As already mentioned, several kinds of information are, in addition, associated to every token, in the form of values to the positional attributes fonte (source id), varport (Portuguese variety), varing (English variety) and oritrad (whether the text is original or translated). None of these attributes is required (and others may be added), but it is important to realize that their existence constrains what kind of distributions and sub-selections a user can ask for.

Let us briefly mention the most conspicuous features of DISPARA:

  • DISPARA allows the display of several kinds of information as the result of a query, namely: concordance; distribution of forms; and distribution of all kinds of information encoded in the attributes above (sources, varieties, etc.).
  • In addition, a unique feature of DISPARA is the "Combined distribution of Portuguese and English search expressions", a complex query built from a set of hidden queries and whose purpose is to provide a snapshot of the distribution of the items involved in the two languages.
  • Another key functionality of DISPARA is allowing queries by alignment type (such as addition of sentences in the translation, joining or separating sentences, as well as reordering).

Anyone with two IMS-CWB-encoded aligned corpora with ua attributes should be able to make use of DISPARA with very little adaptation: Basically, the content of the Web pages, as well as the different messages served by the program, and the layout of the results would have to be rewritten, and the names of the corpora substituted for in the right places. Naturally, other options could eventually be added.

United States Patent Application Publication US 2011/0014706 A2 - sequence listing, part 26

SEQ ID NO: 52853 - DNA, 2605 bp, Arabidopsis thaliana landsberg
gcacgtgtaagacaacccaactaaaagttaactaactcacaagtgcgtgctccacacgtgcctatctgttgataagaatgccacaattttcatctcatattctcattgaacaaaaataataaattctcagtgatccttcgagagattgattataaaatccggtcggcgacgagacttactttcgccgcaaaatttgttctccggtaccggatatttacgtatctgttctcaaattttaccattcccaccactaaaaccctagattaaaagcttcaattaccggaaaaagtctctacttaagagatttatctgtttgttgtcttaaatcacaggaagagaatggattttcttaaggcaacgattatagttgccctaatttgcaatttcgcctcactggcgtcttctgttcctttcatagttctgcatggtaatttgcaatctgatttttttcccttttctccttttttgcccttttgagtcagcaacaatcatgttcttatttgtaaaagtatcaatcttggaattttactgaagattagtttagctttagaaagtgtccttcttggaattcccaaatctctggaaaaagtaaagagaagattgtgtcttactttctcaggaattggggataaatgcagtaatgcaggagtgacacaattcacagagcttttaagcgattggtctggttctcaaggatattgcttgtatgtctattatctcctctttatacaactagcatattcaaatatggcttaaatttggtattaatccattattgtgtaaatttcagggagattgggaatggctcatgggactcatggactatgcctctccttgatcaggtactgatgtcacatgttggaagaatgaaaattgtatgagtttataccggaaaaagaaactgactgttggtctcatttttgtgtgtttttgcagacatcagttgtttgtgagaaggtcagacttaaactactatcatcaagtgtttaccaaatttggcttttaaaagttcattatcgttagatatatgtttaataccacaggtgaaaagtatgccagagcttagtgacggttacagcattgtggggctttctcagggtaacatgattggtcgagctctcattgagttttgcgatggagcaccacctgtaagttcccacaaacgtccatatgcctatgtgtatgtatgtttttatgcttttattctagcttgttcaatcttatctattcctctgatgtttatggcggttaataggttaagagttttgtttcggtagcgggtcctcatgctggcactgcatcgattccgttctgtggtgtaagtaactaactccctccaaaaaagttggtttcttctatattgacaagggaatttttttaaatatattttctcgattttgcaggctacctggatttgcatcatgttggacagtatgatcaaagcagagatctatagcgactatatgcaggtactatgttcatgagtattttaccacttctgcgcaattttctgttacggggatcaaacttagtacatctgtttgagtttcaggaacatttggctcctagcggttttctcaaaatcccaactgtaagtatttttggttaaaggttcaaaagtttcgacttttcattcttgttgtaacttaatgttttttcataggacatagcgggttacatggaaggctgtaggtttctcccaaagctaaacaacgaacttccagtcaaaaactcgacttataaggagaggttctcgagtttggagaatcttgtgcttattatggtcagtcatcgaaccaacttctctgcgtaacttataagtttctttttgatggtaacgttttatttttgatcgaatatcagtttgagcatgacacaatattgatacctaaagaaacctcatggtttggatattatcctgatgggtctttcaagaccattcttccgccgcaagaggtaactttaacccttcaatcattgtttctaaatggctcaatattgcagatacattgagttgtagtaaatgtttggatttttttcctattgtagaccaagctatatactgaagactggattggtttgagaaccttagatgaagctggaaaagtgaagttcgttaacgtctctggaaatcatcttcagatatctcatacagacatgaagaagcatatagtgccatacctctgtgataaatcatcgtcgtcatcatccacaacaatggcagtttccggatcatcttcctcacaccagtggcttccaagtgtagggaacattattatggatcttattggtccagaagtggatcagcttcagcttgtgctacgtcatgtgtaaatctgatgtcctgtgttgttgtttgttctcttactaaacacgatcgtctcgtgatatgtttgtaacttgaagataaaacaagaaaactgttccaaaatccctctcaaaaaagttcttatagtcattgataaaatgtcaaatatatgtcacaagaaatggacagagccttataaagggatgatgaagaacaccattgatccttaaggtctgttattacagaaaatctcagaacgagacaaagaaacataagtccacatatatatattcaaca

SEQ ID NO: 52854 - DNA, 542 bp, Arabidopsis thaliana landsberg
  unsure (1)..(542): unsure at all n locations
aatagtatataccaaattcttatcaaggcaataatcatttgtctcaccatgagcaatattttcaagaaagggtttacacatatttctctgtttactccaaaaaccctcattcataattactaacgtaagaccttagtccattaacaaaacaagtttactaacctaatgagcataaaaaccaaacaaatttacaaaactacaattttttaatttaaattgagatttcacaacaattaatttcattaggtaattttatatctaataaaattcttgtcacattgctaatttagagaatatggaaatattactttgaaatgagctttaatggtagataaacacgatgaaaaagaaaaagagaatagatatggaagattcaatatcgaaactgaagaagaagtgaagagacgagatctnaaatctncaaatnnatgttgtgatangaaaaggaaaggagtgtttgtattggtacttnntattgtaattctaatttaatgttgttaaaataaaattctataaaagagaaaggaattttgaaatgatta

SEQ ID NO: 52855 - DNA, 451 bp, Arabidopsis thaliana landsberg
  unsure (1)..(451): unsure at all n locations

Instantiation to serving COMPARA

The instance of DISPARA that we are concerned with here, that of serving COMPARA, has quite a rich set of options as a consequence of several design issues of this corpus and the way its user interface was conceived:

  • It allows the user to ask specifically for the display of translation notes (which are internally encoded as the value of the structural attribute note)
  • It allows for querying for the presence of sentence-internal markup (except for corr which was not deemed relevant for user interrogation). Some markup is highlighted by the interface (we use italics for emph, foreign, named or title; and bold for the content of notes).

As a final remark, it should be avowed that it is not always clear what pertains to the general architecture and what are specific features of COMPARA only, given that the corpus interface and the DISPARA system were developed in tandem.

As a good illustration of this, we have recently started the process of POS annotating COMPARA, and, in that connection, also expanding the DISPARA system.

Tokenization in COMPARA

To deal with Portuguese, we used the set of programs developed in order to process Portuguese corpora in the AC/DC project. For English, we used the Portuguese tokenizer, changing some details and adding (as a wrapper) some functionalities.

It is well known that the most difficult (or non-consensual) issues in the tokenization of English are contractions, possessive markings and single quotes. So, in order to ease the processing that follows, and allow unambiguous distinction among the different uses of the character ', we require the corpus compilers to encode differently open and close single quotes, using other characters different from '. (Incidently, we do the same to double quotes, differently encoding opening and closing quotes. But notice that this is transparent to the ordinary user, who sees the ordinary English quotes in the concordances.)

This significantly simplifies tokenization, since the new quote markers are uniquely identified as punctuation signs (and constitute therefore separate tokens), while ' in COMPARA is known to denote either possessive case or contraction, both constructs which we do not consider bringing about new tokens. In other words, in COMPARA, don't, o'clock, Peter's and students' are considered one token, and can therefore be queried as such.

As far as numerical expressions are concerned, our policy is as follows: when currency units precede the number, we consider currency and amount as one token (as in £60 or $300.00); when they follow the numerical expression, they are treated as any other numerical expression with units, with separate tokens. So, 30 réis, 40,000 francs constitute two tokens in COMPARA analogously to any other measures, e.g. 600 miles per hour, which exhibits four tokens.

Finally, a few abbreviations were removed and others added, to avoid conflict between Portuguese and English.